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On March 2, the social scientist Charles Murray, author of the controversial book “The Bell Curve: Intelligence and Class Structure in American Life,” was set to speak at Middlebury College. In a now-infamous incident, student protesters initially turned their backs to Murray and subsequently shouted him down. When he was escorted into a separate room to complete his interview with the moderator of the event, Middlebury professor Allison Stanger, protesters responded by pulling a fire alarm. Finally, after Stanger and Murray exited the venue, they were attacked by a mob of protesters, resulting in a neck injury and concussion to Stanger.
We wholeheartedly condemn these acts, especially those that led to violence and physical intimidation, against both the speaker and moderator at the event.
In the wake of this incident, Princeton professor Robert P. George and Harvard professor Cornel West drafted a statement entitled “Truth Seeking, Democracy, and Freedom of Thought and Expression”. The document has accrued over 600 signatories—among them eleven Harvard professors. We support the sentiment of this constructive statement.
In particular, we too affirm that “cultivation and practice of the virtues of intellectual humility, openness of mind, and, above all, love of truth”—which are attained through an openness to opposing viewpoints and free speech—are the premise of a democratic society and a cornerstone to liberal institutions such as Harvard. These are virtues that were evidently lacking at Middlebury College.
Moreover, we believe that institutions of higher learning would do well to strive towards the ideal of discourse and open exchange put forth in this motion; most of all, they must prioritize the pursuit of truth and humility as the informing principles of free speech. All too often, the issue of free speech on college campuses is couched as a butting of heads between students that want to invite potentially controversial speakers merely for the sake of provocation or to “test” that their campus can tolerate speakers with such viewpoints, and closed-minded protesters that seek to stymie free speech. This statement reminds all parties involved that the pursuit of truth is a collaborative one, and that groups with conflicting ideas should seek to understand rather than simply antagonize each other.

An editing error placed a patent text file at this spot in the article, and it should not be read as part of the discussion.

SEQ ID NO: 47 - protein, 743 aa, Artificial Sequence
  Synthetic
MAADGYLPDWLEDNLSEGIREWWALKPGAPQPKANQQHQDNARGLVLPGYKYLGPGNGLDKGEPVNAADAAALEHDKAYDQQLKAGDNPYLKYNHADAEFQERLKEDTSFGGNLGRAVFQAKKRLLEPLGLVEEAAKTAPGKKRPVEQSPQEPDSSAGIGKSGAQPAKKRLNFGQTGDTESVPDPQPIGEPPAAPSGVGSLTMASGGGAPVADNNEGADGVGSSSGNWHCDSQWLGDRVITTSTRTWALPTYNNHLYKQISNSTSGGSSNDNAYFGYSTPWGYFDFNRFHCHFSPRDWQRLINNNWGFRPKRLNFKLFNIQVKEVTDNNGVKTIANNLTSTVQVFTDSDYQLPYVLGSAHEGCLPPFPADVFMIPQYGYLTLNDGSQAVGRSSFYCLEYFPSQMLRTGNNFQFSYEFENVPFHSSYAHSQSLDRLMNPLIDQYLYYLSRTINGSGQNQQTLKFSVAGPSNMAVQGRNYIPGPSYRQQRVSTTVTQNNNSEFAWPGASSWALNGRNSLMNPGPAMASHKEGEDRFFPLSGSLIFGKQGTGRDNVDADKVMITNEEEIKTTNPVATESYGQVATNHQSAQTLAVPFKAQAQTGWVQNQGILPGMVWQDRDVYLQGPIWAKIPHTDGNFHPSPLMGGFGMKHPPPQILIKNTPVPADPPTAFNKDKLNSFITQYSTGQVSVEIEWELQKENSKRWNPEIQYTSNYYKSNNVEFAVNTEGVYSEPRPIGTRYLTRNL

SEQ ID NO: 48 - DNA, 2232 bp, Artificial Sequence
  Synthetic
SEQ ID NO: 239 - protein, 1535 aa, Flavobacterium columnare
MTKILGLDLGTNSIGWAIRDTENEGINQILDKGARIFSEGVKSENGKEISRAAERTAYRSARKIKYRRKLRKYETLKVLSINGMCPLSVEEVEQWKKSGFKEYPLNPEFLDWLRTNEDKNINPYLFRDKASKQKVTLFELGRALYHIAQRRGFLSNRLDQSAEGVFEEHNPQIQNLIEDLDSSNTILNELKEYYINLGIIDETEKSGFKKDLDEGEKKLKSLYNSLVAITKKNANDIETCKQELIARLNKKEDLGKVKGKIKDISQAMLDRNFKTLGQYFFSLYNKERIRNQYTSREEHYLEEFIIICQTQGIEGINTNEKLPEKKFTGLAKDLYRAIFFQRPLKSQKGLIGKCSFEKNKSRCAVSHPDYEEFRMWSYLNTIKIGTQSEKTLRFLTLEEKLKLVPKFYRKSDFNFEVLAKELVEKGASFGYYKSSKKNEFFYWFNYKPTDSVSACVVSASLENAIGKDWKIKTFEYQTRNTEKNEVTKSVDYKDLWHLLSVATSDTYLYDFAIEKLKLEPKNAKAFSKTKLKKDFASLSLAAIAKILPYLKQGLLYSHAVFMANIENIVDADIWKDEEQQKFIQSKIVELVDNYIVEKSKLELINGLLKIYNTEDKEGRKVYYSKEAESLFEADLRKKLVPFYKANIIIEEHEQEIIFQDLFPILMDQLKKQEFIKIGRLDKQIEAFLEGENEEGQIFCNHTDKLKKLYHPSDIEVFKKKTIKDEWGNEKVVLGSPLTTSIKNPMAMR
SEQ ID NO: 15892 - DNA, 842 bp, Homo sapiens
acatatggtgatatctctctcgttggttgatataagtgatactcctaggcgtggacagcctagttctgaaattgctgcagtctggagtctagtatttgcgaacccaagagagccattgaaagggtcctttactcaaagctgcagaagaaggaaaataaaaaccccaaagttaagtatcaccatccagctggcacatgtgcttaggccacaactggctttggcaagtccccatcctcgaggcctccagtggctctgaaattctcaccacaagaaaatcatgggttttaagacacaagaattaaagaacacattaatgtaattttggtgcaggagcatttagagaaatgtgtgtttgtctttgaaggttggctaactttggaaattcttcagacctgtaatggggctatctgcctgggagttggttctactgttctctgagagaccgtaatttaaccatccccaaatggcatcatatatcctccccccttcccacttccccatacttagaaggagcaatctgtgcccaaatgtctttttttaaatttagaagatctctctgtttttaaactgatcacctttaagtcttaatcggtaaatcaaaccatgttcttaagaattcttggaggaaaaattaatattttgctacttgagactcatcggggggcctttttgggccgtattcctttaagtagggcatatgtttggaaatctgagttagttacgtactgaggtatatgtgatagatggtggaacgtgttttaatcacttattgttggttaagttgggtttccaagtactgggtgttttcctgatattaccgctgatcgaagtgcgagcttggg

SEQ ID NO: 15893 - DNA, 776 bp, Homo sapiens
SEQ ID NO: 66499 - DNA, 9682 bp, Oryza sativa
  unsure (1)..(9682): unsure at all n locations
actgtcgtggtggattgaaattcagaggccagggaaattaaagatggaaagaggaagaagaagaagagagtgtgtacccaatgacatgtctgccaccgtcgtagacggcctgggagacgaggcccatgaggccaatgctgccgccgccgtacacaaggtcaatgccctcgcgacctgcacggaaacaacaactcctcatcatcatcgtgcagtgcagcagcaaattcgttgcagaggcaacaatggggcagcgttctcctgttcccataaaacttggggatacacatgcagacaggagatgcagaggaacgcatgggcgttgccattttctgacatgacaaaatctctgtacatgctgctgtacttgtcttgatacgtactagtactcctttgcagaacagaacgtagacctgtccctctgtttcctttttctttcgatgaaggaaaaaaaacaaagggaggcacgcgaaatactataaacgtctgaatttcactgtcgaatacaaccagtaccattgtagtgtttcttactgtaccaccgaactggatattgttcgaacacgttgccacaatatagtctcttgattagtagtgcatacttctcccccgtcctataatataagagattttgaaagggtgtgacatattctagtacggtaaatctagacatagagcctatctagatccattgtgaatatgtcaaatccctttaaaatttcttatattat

For organizations hosting events, this means publicizing the intellectual contributions they believe their speakers will make to a campus. We hope other students will in turn approach events with an open mind and understand what prospective speakers have to offer. Moreover, when possible, speakers should be held accountable through the possibility of questions from the audience, in order to assure that they too are subject to scrutiny and that their ideas are challenged.
For students who object to speakers’ ideas, we urge an openness to the potential intellectual contributions that those with whom they disagree could make to their communities. Though we support students’ right to protest—it is another cornerstone of a free society—we believe this right should be exercised with utmost caution, and in a civil manner. After all, if students believe that a speaker’s ideas are unequivocally wrong, they would do better to civilly debate the speaker rather than protest violently.
We stand by our previous view that certain speakers have little intellectual contribution to make to college campuses. Indeed, as we said then, not "all speakers are equally worth listening to.” That does not mean they should be shouted down or disinvited. It is difficult to determine which ideas are valid, and drawing such a line is somewhat beside the point of improving the campus climate for exchange of ideas. It is a spirit of collaboration and free exchange that is indispensable.
This staff editorial solely represents the majority view of The Crimson Editorial Board. It is the product of discussions at regular Editorial Board meetings. In order to ensure the impartiality of our journalism, Crimson editors who choose to opine and vote at these meetings are not involved in the reporting of articles on similar topics.
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